Editor’s note: We are starting a new series – ‘Tutorial Level’ – on people’s favourite games! Even if it’s not the sort of game you’re used to playing, we hope you can appreciate the passion that goes into these articles. Roshan appeals to our nostalgia for offline multiplayer content while castigating the inadequacies of contemporary titles.
With ‘blockbuster’ video games punctuating the market every year or so, it may be unfashionable to announce that my favourite console game is almost as old as me.
I would even go so far as to say that 007 Nightfire is one of the best games ever made – or, at least, it possesses all of the qualities that a truly stellar game should have.
Sure, its graphics by today’s standards are a clunky and inelegant – even if, as a kid, I recall them being nigh on life-like. Its voice acting can be a bit dodgy (they clearly couldn’t afford to get Pierce Brosnan to voice James Bond, and the stand-in can sound pretty ropey to my adult ears) and the story is a bit forgettable.
But, though its (admittedly short) story may not be as advanced or expansive as Grand Theft Auto V, Red Dead Redemption, The Last of Us, or other more recent best-sellers, it doesn’t matter.
The story has all the backdrops you would expect for a Bond adventure: Paris by night, a grand, snowy castle in the Austrian Alps, a tower block in downtown Tokyo, an evil lair on a hidden Pacific island, all topped off by a climactic final mission set on a space station orbiting the earth armed with nuclear missiles.
Nightfire emerged in the early noughties and was the last in the line of what was probably the heyday of James Bond-themed shooters. It was preceded by Agent Under Fire, The World is Not Enough and, most famously, 007 Goldeneye.
Like them, it is a first-person shooter, though the gameplay is much more refined, and the graphics much more advanced than its predecessors (quite a feat considering Agent Under Fire was released mere months beforehand.)
Further, variety is provided by missions where you can control vehicles such as Bond’s Aston Martin, an attack plane, and a submarine. The player is also treated to missions which operate more as a rail-gun shooter, or the final mission in zero-G.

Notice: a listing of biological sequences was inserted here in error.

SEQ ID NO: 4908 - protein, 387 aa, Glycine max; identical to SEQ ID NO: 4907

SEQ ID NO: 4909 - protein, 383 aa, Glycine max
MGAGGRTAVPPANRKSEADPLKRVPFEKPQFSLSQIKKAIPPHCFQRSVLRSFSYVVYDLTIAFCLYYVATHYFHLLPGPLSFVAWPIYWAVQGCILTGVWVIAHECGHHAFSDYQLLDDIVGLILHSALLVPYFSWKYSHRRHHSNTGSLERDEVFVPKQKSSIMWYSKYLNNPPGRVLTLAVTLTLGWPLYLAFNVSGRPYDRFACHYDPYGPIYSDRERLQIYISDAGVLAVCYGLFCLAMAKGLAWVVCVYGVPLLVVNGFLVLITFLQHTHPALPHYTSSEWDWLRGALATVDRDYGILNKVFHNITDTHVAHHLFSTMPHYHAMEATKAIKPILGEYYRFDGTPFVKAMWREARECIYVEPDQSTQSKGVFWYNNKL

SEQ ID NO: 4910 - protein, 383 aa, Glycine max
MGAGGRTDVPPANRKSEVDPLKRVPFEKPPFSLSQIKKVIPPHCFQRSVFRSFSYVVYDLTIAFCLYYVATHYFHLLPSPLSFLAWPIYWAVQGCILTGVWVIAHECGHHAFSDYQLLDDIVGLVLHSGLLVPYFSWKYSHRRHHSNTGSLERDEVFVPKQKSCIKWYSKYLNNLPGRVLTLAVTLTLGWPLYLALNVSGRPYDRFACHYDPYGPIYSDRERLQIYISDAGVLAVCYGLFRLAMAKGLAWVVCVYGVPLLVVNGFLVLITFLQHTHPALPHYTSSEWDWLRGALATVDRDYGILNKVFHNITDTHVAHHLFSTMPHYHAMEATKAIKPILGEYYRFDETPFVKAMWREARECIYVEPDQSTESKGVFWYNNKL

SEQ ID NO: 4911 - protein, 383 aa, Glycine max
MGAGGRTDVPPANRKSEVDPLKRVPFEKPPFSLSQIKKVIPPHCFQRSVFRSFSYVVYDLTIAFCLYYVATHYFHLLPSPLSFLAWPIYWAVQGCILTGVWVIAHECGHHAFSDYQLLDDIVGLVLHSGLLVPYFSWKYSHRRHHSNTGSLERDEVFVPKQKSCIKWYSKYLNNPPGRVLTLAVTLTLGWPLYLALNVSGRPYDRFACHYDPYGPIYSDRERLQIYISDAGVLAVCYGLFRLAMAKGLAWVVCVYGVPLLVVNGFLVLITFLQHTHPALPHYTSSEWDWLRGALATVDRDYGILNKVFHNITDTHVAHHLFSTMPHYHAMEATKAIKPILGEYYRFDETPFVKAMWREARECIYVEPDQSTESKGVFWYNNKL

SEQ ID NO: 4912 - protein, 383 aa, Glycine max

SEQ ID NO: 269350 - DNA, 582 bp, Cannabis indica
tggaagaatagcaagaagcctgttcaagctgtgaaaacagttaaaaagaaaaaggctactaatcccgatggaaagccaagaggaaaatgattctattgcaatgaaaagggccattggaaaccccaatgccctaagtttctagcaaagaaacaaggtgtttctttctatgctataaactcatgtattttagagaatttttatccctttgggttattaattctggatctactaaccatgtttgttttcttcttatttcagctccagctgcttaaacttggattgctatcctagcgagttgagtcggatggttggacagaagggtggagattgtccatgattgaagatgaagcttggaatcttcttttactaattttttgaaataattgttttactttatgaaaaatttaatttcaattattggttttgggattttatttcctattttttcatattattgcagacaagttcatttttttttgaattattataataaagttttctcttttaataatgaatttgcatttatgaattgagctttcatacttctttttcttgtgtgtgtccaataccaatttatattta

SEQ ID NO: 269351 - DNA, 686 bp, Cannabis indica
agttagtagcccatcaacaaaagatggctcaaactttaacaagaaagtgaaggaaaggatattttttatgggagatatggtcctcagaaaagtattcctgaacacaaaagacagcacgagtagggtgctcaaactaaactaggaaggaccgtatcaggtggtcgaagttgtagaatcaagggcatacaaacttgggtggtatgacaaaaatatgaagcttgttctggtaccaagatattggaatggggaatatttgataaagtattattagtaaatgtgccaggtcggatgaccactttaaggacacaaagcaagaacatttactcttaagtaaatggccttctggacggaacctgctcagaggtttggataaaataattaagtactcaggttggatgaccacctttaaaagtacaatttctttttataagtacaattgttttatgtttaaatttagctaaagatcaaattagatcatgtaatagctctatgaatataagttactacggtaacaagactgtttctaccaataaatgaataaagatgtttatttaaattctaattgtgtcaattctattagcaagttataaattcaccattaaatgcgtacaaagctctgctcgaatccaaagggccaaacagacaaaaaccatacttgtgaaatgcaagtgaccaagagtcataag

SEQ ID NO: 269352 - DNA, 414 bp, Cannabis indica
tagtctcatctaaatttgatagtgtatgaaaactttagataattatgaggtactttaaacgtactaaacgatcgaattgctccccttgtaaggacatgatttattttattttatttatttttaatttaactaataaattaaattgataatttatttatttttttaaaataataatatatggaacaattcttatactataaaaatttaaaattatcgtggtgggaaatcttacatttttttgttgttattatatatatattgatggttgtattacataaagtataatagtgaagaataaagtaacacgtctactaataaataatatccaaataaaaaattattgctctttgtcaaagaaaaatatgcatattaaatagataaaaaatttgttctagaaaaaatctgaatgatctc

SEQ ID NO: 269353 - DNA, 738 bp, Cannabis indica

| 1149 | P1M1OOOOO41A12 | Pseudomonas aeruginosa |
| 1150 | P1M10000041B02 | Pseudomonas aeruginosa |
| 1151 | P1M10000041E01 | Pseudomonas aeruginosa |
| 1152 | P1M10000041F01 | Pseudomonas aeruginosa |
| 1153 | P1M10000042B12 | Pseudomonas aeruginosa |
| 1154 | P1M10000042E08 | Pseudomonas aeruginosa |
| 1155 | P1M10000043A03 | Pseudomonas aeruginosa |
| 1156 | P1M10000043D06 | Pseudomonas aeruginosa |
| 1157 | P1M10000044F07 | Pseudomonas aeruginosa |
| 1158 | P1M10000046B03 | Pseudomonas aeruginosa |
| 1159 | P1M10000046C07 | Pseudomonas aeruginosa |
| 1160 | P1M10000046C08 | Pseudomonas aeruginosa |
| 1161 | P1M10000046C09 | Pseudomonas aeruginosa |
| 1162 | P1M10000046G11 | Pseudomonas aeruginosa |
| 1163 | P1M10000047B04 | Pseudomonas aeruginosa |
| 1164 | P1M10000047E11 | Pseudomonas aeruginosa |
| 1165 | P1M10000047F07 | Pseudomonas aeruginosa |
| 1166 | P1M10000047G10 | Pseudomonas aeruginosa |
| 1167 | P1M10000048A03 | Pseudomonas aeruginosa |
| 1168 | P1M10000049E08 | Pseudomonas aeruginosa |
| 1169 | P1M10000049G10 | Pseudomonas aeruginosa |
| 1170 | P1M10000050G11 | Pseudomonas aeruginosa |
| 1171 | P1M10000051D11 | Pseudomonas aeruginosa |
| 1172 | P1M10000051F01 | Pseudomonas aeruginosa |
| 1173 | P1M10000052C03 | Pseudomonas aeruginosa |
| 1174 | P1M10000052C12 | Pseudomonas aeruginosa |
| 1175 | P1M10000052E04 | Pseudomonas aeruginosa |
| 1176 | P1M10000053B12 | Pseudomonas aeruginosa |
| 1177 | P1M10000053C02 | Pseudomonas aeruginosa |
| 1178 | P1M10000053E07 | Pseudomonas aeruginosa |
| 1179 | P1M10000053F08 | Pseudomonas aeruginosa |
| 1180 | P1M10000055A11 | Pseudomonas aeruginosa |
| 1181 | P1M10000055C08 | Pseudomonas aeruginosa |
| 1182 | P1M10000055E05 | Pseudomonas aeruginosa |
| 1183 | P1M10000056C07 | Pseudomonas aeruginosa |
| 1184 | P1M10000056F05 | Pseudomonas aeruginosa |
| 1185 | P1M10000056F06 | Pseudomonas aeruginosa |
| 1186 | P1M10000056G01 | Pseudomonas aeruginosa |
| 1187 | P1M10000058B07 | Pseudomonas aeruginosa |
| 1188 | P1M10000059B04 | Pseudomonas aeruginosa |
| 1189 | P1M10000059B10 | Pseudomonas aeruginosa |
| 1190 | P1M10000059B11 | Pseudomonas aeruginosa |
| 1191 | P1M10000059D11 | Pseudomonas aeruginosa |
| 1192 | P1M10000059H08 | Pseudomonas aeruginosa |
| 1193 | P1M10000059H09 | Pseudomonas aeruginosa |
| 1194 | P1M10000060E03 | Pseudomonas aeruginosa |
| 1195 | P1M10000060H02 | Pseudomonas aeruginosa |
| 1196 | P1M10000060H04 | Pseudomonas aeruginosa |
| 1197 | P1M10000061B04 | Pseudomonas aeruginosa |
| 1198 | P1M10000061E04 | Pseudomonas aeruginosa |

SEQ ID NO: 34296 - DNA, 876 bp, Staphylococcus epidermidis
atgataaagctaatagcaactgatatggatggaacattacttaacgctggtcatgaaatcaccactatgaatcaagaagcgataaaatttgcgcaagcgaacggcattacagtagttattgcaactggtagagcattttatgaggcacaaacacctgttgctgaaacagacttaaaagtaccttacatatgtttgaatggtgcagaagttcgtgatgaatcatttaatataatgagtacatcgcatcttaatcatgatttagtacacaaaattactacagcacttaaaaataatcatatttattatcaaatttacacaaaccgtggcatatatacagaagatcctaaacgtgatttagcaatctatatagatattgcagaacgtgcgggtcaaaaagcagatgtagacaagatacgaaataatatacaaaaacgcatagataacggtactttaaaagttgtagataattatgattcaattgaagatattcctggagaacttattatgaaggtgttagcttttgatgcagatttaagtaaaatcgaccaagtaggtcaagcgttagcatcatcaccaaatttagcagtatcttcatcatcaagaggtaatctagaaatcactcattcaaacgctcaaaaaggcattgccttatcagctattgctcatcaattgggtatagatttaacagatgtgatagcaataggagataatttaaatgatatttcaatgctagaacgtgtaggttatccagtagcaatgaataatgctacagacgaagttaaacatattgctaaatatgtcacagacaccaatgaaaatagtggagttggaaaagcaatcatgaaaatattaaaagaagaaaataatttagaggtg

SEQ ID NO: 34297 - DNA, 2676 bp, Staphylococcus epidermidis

Many also allow the player the choice as to whether to achieve objectives (which mainly involves killing everyone you come across while your character makes a quip) through stealth or by going all-guns-blazing.
All this allows for a single-player experience which may be short (there are only a dozen or so, admittedly lengthy, missions) but which is never repetitive.
But the experience doesn’t end there. Nightfire has a fantastic multiplayer element to it. You, along with three others – and however many bots (modelled after the cast of the story and other Bond films) – can engage in a variety of game modes in two-dozen or so different locations.
Given that the game is from 2002, if you want to play with your friends, they have to be there physically in the same room as you with an extra controller wired in, but that’s part of the fun.
Indeed, it is why almost eighteen years after my father bought the game (‘for himself,’ I am told), I still find myself firing up the old Xbox if a friend or cousin is over at mine.
When I play it, I am reminded of how far gaming has come, and, to an extent, how far it has fallen. Sure, today we have more in-depth storylines, sometimes written by film-writers. Graphics quality continues to make leaps and bounds, and we can play games online with people wherever they are.
But that has come at a cost, too. I’m not just talking about the ever-increasing price tag for new games (I think I paid £50 for Wolfenstein The New Order on release, which is quite a basic game for all of its merits, and that was nearly six years ago!), or the cost of having to play online (especially since PSN became subscription-only).
More importantly, there is the cost of games featuring offline multiplayer – good offline multiplayer. Part of the reason Call of Duty and FIFA have remained kingly titles for years is in no small part because they often possess the golden trifecta of a campaign mode, online multiplayer, and offline multiplayer (even if the quality of Call of Duty split-screen has declined).
Firing up the Playstation or Xbox when your mates are over is, I think, undervalued with probably the majority of recent releases, however good and profitable their online or campaign modes are.
Why do we play video games? Part of it is no doubt escapism or for a sense of adventure – in the same way, people enjoy reading books. But I think part of it is – or at least should be – as a way to further social interaction between people, in the same way, that people might play a board game, or watch and then comment on a film together.
Indeed, with the rise of gaming as an e-sport, in the same way we might kick a ball around or spectate a match at the pub. And, frankly, this is something more easily accomplished when your fellow players are in the same room as you.
Nightfire, in sum, was a game with an enjoyable storyline, decent graphics (for its day), simple yet unrepetitive gameplay, and a multiplayer experience which gives it a long afterlife. I would suggest to anyone reading this that, if you have an old PS2 or Xbox gathering dust, see if you can get a copy of this game. It’s not like there’s that much to do in lockdown.